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HBO’s sneaky new series is confusing the film industry : NPR


In the miniseries Irma VepAlicia Vikander plays an actress who travels to Paris to star in a period recreation of The vampires.

Carole Bethuel/HBO


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Carole Bethuel/HBO

HBO’s sneaky new series is confusing the film industry : NPR

In the miniseries Irma VepAlicia Vikander plays an actress who travels to Paris to star in a period recreation of The vampires.

Carole Bethuel/HBO

The new HBO miniseries Irma Vep is fascinating and unusual, but so is his lineage. It all started with a series of French silent films titled The vampires, made in 1916. This series was about an organization of criminals who terrorized Paris and called themselves the Vampires.

One of their leaders and inspirations was a woman named Irma Vep, who was evil and seductive, and often wore a tight jumpsuit. After over a century, I don’t think I need to issue a spoiler alert… but the letters in “Irma Vep”, when rearranged, spell the word “vampire”.

In 1996, French director Olivier Assayas hailed this soap opera by making a film called Irma Vep, about making a new film version of The vampires. Her movie within a movie starred Hong Kong movie star Maggie Cheung as herself, coming to Paris to play the role of Irma Vep. It was part comedy, part satire of the film industry – and had a lot to say about both the impact of cinema and the conflicts between creativity and commerce.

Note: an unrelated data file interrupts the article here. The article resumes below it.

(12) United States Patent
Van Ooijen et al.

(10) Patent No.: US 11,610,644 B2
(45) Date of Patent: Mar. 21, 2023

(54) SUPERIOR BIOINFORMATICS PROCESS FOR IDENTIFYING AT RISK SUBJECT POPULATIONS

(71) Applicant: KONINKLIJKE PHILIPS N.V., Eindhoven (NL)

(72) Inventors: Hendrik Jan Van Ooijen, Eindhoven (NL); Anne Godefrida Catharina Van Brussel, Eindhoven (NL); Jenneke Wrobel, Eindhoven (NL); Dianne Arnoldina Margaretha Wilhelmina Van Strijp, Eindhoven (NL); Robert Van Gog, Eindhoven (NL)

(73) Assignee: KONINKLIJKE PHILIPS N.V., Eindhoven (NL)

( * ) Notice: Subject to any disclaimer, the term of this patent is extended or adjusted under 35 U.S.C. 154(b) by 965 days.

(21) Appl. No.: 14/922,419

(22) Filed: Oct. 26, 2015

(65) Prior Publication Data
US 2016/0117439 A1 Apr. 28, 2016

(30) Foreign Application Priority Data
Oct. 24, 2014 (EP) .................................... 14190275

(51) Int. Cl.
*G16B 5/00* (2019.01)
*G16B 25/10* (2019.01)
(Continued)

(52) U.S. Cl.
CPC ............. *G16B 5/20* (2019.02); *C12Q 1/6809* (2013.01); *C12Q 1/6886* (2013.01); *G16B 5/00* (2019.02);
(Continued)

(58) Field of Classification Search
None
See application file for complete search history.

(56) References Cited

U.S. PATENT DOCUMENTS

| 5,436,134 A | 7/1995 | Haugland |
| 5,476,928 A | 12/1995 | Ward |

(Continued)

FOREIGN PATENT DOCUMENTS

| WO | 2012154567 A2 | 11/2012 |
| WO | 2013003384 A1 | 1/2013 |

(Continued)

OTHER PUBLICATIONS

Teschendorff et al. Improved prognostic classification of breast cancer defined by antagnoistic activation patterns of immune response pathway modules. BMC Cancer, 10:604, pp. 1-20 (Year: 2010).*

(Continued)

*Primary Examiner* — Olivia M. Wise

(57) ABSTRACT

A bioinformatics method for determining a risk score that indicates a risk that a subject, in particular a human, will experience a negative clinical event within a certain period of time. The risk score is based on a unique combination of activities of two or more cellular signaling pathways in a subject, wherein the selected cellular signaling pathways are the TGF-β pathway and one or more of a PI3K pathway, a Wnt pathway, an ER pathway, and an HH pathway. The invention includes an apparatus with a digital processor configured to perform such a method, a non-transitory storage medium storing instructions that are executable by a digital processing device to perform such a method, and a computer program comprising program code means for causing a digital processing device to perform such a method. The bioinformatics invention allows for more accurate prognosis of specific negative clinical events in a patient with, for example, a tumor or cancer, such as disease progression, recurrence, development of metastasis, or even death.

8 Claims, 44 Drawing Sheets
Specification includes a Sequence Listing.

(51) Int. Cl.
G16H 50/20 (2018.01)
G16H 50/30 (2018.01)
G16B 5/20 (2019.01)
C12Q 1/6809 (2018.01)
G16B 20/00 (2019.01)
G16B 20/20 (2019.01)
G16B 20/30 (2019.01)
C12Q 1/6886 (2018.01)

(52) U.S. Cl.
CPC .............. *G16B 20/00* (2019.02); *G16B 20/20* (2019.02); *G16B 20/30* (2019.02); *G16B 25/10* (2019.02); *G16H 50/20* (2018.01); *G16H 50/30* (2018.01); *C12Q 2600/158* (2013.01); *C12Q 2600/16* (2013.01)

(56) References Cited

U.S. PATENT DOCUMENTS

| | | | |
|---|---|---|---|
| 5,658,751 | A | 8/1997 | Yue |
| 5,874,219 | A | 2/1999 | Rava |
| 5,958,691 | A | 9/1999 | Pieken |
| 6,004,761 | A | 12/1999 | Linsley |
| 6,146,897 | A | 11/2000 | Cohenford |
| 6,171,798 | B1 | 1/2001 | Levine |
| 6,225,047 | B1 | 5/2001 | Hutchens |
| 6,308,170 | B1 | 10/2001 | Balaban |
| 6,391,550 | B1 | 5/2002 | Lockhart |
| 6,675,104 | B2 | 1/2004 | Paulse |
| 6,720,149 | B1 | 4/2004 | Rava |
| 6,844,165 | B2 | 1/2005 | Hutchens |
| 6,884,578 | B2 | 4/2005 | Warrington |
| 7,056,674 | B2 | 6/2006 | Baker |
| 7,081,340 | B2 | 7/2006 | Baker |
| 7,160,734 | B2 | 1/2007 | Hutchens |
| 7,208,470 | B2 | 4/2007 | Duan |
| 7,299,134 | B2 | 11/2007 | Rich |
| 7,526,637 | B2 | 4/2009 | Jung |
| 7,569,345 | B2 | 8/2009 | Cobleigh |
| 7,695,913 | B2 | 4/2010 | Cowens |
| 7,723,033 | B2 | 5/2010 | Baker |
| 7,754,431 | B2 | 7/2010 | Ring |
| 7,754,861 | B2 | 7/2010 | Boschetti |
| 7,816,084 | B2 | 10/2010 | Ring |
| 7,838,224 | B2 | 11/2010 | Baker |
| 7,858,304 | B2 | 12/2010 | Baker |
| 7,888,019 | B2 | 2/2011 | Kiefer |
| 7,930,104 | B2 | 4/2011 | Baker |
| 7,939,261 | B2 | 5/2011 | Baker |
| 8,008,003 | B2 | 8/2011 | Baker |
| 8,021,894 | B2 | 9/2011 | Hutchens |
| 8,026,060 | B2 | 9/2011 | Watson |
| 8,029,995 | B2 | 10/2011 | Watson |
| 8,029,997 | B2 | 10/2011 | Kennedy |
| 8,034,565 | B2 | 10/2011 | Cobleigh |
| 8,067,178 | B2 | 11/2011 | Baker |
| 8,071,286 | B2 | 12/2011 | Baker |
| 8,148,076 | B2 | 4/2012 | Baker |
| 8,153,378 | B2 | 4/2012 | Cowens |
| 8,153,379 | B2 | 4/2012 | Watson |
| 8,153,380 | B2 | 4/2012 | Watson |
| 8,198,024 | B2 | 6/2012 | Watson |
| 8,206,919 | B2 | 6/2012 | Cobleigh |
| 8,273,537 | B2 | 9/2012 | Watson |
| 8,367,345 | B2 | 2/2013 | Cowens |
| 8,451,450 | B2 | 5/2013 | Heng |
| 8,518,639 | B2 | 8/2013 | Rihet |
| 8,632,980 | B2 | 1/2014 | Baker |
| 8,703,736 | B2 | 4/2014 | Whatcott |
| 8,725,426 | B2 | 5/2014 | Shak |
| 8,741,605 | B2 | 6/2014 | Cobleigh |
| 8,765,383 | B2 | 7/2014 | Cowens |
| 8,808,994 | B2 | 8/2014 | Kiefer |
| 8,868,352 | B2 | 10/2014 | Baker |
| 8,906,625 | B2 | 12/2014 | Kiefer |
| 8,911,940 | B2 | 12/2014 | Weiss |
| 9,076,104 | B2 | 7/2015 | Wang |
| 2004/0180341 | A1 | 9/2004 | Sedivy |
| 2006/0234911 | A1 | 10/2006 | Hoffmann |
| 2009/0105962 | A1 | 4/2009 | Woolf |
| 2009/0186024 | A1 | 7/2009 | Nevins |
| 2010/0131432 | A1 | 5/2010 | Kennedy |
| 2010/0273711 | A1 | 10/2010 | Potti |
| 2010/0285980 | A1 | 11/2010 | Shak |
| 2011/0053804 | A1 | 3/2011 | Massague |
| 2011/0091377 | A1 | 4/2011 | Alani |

The level of creativity in the 1996 Irma Vep film was dazzling in itself. So why would the creator and director of this film, more than 25 years later, feel the need to revisit his own story? Based on the first four HBO episodes Irma Vep provided for the preview, the answer is clear: the film industry has changed dramatically in the meantime – but the types of people who make these films have not. And a TV miniseries, with more time to pursue subplots and enrich characters, makes this new Irma Vep even better than the original.

Alicia Vikander, Oscar winner for The Danish Girl and the star of Ex-Machinaplays Mira, the actress imported to Paris to play in this new period of recreation of The vampires. Vincent Macaigne plays her director, René, whom she only meets on her first visit to the set.

The HBO miniseries, like the Irma Vep film, recounts the difficulties encountered in editing a new version of The vampires. Again, as in the film, snippets of the vintage series are shown alongside new footage – only this time the recreations are more numerous and ambitious, and more beautifully filmed.

Everything looks sumptuous and charming. When Mira puts on her jumpsuit, she moves and acts like a possessed woman – which turns out to be part of the story. The various subplots have also been developed for this miniseries: actors who want meatier roles, producers with other motives or deals in play, and a Hollywood agent, played by Carrie Brownstein., which prompts Mira to star in a new superhero movie, as the female Silver Surfer.

It’s often very funny, but somehow it all seems believable. The same goes for all the romantic conflicts between the stars on camera and their assistants and crew members. It’s like a show business version of Downton Abbey, with people up and down constantly switching power roles.

Some scenes are playful and sexy. Others are downright funny, like when director René insists on his eight-part remake of The vampires is a film cut into small pieces – not a television series. There are very modern discussions of global box office blockbusters and intimacy co-ordinators – but it’s all presented not just with wit, but with genuine affection. Olivier Assayas was a French film critic before becoming a filmmaker, and he obviously loves what he does. With this new Irma Vep series, I also like what he does.


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